3) WordPress already provides an update mechanism that does not require email registration so his assertion that he is using emails for support is a red herring (BS). Blatant BS should not be rewarded.
4) Unless WordPress.org and Automattic endorse his spammy emails, they should remove his plugins from the repository. Failure to do so, suggests they are endorsing his spamvertizing.
5) I suspect the developer (an internet marketer) uses registrations to keep track of user blogs and run data analytics on competing internet marketers. This means that, if you run multiple blogs, even if you give the MBP developer a throw-away email address, he can and probably does, track plugin installs by IP and/or domain name via his plugin registration callback mechanism.
So, unless you enjoy being spammed, lied to, or spied on, you should probably push to have this plugin removed from the repository.
I have to third or fourth this.
After registering my email with a MaxBlogPress plugin, I started getting a steady stream of emails from him. And they’re not just info on updates and such as he claims, but rather blatant “Get Rich With Blogs” spam. And lots of it.
It seems as though today, his plugins have been removed.
I am glad to see the plugin removed… it definitely goes against the spirit of the plugin directory. Has anybody thought about forking the code and writing a ‘sanitized’ version? It’s GPL after all.
It looks like your right about it getting removed. Is it safe to keep using it though or should I remove it?
It is safe to keep using the plugin. We aren’t talking a major issue here… it’s more philosophical than anything. Although I believe you won’t automatically get updates for the plugin now that it’s not in the directory.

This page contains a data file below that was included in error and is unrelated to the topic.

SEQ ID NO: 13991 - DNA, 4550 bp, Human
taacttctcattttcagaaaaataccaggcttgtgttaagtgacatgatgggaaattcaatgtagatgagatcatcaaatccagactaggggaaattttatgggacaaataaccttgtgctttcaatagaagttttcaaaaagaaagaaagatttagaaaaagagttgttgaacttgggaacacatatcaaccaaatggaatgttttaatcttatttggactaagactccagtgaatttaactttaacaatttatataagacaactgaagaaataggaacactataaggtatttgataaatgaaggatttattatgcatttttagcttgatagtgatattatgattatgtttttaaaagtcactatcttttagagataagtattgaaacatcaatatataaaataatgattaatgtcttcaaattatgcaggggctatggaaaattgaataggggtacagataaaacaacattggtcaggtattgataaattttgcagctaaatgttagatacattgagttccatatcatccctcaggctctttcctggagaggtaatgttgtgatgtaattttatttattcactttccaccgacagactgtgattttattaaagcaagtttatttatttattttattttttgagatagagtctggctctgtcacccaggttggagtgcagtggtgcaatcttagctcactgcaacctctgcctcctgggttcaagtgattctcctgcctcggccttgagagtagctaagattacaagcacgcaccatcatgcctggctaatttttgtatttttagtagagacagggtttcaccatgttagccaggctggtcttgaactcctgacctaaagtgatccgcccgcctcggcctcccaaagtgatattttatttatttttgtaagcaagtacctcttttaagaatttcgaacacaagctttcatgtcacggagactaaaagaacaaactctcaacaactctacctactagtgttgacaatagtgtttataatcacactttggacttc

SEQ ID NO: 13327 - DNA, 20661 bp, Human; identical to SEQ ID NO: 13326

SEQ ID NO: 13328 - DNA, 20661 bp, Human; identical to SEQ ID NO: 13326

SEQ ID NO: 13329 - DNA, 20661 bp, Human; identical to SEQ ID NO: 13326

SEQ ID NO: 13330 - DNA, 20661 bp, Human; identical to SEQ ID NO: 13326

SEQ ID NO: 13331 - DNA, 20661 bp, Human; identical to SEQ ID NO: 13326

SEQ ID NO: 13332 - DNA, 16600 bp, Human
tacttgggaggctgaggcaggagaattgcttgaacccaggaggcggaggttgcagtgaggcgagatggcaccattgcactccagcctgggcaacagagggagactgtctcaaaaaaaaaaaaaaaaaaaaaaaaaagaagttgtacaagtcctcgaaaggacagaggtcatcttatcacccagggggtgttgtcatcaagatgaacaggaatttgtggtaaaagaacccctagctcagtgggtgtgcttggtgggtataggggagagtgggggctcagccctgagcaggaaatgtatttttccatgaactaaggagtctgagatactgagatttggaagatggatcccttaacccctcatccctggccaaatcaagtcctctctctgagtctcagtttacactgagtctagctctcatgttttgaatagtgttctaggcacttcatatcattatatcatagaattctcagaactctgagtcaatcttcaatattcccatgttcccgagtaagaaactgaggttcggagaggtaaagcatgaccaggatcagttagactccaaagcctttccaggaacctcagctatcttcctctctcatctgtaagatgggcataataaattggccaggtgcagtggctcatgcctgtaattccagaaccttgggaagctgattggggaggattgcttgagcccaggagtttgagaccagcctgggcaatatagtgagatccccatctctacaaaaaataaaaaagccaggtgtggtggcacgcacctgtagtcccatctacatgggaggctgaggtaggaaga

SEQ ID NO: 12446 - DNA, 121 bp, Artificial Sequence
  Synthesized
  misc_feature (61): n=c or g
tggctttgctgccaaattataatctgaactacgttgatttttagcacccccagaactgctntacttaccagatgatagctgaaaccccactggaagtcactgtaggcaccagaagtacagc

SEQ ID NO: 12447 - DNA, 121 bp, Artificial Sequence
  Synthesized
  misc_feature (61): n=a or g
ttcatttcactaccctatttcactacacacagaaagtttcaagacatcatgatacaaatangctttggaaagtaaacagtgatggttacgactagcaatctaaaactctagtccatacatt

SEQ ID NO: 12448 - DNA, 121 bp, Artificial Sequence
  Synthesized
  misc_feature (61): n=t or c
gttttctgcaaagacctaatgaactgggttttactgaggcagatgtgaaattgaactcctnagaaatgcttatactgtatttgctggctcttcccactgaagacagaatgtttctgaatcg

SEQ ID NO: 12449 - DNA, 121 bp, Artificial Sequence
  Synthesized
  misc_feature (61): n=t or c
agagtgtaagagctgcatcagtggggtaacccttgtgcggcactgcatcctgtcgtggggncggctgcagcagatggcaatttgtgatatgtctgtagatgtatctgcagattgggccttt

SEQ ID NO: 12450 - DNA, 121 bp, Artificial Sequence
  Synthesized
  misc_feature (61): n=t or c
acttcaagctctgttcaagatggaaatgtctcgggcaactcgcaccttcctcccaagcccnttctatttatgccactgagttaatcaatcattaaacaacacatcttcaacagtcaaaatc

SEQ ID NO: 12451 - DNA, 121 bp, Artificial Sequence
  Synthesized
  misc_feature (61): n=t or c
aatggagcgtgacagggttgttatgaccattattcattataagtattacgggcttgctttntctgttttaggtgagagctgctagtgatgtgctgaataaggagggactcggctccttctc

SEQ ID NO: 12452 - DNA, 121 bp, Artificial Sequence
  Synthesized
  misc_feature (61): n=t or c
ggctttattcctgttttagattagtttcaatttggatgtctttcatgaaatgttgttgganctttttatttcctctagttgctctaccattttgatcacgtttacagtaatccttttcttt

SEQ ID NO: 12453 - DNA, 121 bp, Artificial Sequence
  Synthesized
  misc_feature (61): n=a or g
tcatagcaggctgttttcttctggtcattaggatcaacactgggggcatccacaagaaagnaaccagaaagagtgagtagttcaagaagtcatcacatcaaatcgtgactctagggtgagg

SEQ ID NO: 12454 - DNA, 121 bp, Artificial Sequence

If I were to keep using it, would you recommend not upgrading to newer wordpress versions?
To make sure its still compatible and all. Im kinda a new blogger.
For those of you using MaxBlogPress plugins, I have just released a plugin that will auto-activate all of them, circumventing the registration/email subscription process:
It currently supports all of the MBP plugins that I was able to download from their website. Let me know if I need to add more.
Hope it’s helpful!
Also, I forked three of the MBP plugins, “sanitizing” them: Favicon, Ping Optimizer, and Multi Author Comment Notification (I don’t want to link-spam this thread, so just search for them in the repo if you want them).
@dholowiski: The MBP plugins didn’t update via the repository anyway. They use their own update routine, built into the plugin, that checks for updates at the MBP website. (By my reading of the repository guidelines, that also was a violation.)
@eric Robert: Definitely, always keep your WordPress install up-to-date – especially the “dot” releases (e.g. 2.9.1 from 2.9), as these are generally security and bugfix releases.
For the “major” releases (e.g. 2.9, 3.0), it is generally advisable to disable all plugins, perform the WordPress update, and then re-enable your plugins one-by-one, to ensure compatibility.